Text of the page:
Lecturer highlights the importance of malaria prevention
Emma Borne | Monday, September 21, 2015
Last Friday, the George B. Craig Memorial Lecture series welcomed Tom Burkot of the Australian Institute of Tropical Health & Medicine at James Cook University to speak about malaria and malaria prevention.
George B. Craig established a world-renowned research program in mosquito biology and genetics at the Notre Dame before he died in 1995, according the College of Science webpage. The lecture series dedicated to Craig annually hosts a speaker to discuss research related to Craig’s studies.
Burkot, who researched with Craig from 1974 to 1976, said Craig was an important scientist and likened him to Sir Ronald Ross, the man who discovered that mosquitos transmitted malaria.
After moving backward through time, Burkot said he wanted to move forward for the rest of the lecture, by discussing the history of malaria prevention. After Ross’ discovery in the early 1900s, Burkot said the first major step toward malaria prevention was the discovery of the insecticide DDT in 1939.
By 1955, the World Health Assembly passed a resolution that directed the World Health Organization (WHO) to launch a program to eliminate malaria worldwide, Burkot said. The method for eradication, he said, was spraying DDT on the inside of the walls of houses.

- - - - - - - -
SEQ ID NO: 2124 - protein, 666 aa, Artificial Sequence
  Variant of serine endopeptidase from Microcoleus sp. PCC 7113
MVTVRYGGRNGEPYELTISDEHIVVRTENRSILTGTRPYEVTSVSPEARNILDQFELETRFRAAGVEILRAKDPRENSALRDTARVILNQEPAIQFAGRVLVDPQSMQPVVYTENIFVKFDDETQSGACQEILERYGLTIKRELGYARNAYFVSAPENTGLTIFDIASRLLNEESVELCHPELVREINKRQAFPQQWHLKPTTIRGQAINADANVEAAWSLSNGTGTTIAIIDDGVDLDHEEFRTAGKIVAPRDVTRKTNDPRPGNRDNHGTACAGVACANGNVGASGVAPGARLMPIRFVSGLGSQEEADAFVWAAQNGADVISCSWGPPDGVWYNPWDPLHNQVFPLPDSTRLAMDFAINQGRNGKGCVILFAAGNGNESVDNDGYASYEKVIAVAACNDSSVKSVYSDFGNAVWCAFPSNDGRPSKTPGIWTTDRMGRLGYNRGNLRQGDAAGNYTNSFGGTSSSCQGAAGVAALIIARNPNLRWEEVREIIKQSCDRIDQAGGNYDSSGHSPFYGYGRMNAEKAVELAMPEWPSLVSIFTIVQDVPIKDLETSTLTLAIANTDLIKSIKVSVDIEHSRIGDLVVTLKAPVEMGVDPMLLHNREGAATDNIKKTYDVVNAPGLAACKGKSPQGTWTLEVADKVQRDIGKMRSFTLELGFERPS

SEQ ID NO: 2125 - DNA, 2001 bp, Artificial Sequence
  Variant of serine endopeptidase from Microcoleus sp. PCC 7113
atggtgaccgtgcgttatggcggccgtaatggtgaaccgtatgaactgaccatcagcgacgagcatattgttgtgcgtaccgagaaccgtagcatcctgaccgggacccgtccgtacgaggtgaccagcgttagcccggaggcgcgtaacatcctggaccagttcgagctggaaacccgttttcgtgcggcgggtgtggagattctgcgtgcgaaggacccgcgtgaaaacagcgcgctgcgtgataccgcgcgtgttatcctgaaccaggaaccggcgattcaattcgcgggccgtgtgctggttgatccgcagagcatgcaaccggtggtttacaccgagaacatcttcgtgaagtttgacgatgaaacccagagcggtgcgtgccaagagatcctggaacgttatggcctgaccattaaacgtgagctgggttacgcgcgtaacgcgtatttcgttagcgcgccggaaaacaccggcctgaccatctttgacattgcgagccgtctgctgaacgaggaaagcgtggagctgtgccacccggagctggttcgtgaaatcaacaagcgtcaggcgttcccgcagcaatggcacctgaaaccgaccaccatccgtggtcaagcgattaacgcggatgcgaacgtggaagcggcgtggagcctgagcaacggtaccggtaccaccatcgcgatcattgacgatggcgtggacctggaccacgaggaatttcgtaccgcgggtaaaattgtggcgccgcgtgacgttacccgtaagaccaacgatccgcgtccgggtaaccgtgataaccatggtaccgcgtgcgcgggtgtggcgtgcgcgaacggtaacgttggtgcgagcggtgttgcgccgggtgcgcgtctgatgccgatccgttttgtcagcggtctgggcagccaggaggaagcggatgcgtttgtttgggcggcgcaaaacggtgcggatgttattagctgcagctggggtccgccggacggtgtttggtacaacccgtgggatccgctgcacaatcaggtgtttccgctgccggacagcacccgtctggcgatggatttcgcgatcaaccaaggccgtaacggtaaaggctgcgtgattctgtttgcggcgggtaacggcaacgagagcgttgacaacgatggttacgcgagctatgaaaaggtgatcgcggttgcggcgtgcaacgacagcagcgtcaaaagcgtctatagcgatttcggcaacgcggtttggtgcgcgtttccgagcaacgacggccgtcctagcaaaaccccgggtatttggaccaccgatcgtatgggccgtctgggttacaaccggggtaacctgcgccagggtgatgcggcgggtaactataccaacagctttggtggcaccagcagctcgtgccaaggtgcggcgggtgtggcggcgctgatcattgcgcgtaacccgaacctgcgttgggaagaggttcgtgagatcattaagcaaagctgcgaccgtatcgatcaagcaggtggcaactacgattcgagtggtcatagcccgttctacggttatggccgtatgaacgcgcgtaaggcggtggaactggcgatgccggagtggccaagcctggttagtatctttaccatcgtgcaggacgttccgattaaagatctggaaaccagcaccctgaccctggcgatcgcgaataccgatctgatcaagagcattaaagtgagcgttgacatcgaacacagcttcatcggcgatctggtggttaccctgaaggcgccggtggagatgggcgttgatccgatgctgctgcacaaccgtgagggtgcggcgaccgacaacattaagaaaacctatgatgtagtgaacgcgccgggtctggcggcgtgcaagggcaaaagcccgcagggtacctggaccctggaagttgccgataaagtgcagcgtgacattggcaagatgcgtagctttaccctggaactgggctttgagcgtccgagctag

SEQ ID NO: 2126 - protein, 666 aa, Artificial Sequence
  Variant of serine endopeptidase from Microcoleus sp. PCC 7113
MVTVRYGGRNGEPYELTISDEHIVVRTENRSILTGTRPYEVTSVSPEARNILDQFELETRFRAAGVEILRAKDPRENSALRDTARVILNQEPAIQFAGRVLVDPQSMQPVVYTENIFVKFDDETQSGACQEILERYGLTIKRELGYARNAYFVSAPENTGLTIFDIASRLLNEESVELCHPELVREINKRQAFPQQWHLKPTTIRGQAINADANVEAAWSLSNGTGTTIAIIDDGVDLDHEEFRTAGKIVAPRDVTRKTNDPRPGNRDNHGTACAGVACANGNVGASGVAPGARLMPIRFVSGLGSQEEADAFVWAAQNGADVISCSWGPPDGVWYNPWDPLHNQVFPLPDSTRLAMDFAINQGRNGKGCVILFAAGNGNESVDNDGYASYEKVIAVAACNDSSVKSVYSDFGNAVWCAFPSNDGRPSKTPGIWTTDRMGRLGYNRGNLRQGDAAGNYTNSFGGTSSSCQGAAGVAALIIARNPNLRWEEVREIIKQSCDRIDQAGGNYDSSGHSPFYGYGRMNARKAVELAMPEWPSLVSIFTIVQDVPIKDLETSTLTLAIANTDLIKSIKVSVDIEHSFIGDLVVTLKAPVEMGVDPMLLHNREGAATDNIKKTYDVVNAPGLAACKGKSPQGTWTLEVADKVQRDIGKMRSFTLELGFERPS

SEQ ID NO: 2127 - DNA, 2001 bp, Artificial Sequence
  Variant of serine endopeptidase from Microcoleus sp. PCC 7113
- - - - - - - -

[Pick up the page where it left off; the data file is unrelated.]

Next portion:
“This was a huge military-like operation. In India alone, they had 390 National Malaria Eradication units … [and] 96,000 people in India working to eradicate malaria,” Burkot said. “To give you an idea of how much DDT was being used, USAID (United Stats Agency for International Development) was purchasing 60 million pounds of DDT for malaria control at the height of the program.”
Though the program failed to completely eradicate malaria worldwide, Burkot said it achieved elimination in 11 out of 52 countries and partial elimination in another 11 countries.
Burkot said the next preventative measure came in the 1980s when insecticide treated nets (ITNs) were created. These nets, which were treated with insecticides and placed around the beds in the home, were an important creation for the prevention of malaria, Burkot said.
“[An ITN] had the ability of protecting people, even if they were just in the house and not sleeping underneath the net,” Burkot said. “In fact, it was also shown … that there was a mass killing affect.
“If you had high usage of these nets in the village you could actually decrease the mosquito population to the extent that there would be a lowering of the transmission of malaria in an adjacent village that didn’t have the nets. If you had full net coverage you could prevent about 370,000 child deaths per year from malaria.”
Burkot said ITNs and indoor residual spraying — spraying the inside the walls of homes — are methods of malaria control that work and thus are still currently being used.
Looking into the future, Burkot said the goal is a 90 percent reduction of malaria incidence and mortality rates by 2030 through universal access to long lasting nets and indoor residual spraying. Though there are many challenges to these two methods, Burkot said there are new tools being developed to help reach this goal.
“I’m an optimist,” Burkot said. “I think that malaria eradication is achievable. I think there are significant challenges to be faced in the coming years, but I think they are not insurmountable, and with the resources we have available, I think we can eliminate malaria.”